Lifesavers: teach all children to swim

The Swedish Life Saving Society (SLS) is demanding that swimming proficiency be a part of school curriculum by law. While swimming is on offer for students in grade five, SLS says it is not enough.

Summer has just started and already some 10 people have drowned in the country’s lakes and seas. SLS said it wants a new, stricter swimming law in place that will force schools to teach students how to handle themselves in the water, Svenska Dagbladet has reported.

Sweden’s National Agency for Education already reported that many schools don’t have the ability to teach kids to swim. The Agency is now working on a definition for swimming proficiency that allows the government to set standards for what kids should be able to accomplish in the water.

Until Sweden sets a national standard, individual districts are responsible for defining what swimming ability means.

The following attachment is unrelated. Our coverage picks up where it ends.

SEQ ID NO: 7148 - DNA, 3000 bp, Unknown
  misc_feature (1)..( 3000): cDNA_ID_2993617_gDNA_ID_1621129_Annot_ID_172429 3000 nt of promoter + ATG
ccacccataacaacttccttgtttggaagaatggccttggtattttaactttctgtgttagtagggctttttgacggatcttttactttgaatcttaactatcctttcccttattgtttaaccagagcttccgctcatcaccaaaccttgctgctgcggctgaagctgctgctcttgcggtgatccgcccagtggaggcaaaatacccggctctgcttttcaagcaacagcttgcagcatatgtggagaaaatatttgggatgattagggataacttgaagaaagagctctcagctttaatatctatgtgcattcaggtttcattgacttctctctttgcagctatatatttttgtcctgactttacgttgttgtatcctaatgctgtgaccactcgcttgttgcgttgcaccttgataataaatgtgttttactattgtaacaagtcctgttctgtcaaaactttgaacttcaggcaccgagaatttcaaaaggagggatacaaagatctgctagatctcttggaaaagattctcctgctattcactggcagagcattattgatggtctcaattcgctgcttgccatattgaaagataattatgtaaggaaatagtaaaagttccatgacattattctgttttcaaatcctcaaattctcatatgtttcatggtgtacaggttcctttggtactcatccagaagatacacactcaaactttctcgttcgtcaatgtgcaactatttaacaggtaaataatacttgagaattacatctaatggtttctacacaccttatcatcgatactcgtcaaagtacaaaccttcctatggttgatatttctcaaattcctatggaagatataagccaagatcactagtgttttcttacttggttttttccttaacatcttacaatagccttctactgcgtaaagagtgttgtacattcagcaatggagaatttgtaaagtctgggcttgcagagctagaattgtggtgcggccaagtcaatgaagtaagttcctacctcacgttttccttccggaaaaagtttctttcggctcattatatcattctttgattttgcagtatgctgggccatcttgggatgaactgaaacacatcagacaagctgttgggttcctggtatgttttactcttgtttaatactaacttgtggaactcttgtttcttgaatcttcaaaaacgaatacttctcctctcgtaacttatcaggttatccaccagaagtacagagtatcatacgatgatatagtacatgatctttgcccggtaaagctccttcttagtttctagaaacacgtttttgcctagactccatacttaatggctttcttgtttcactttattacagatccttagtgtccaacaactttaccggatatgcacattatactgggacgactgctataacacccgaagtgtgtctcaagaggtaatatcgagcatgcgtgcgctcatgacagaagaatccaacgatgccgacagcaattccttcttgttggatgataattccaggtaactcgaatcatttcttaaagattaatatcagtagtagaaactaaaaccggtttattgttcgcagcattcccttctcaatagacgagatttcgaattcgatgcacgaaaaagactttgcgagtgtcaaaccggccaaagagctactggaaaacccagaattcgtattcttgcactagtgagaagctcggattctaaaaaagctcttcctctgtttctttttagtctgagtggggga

The new definition could mirror the SLS description that says a person should be able to go under water, come up, and then swim 200 meters in deep water, 50 meters of which would be on the back.

The ability to swim could end up being a class question if standards are not set at the national level, said Karin Brandt, spokeswoman at SLS.

Swimming instruction could be complicated due to cultural and religious differences between students. A portion of parents don’t want their daughters swimming together with boys, while some think being able to swim is unnecessary.

“If the schools neglect to teach their students to swim, the students have to learn outside of school,” she said, according to Dagens Nyheter. “Not everyone has 500 kronor for summer swim school, and then it becomes a class question.”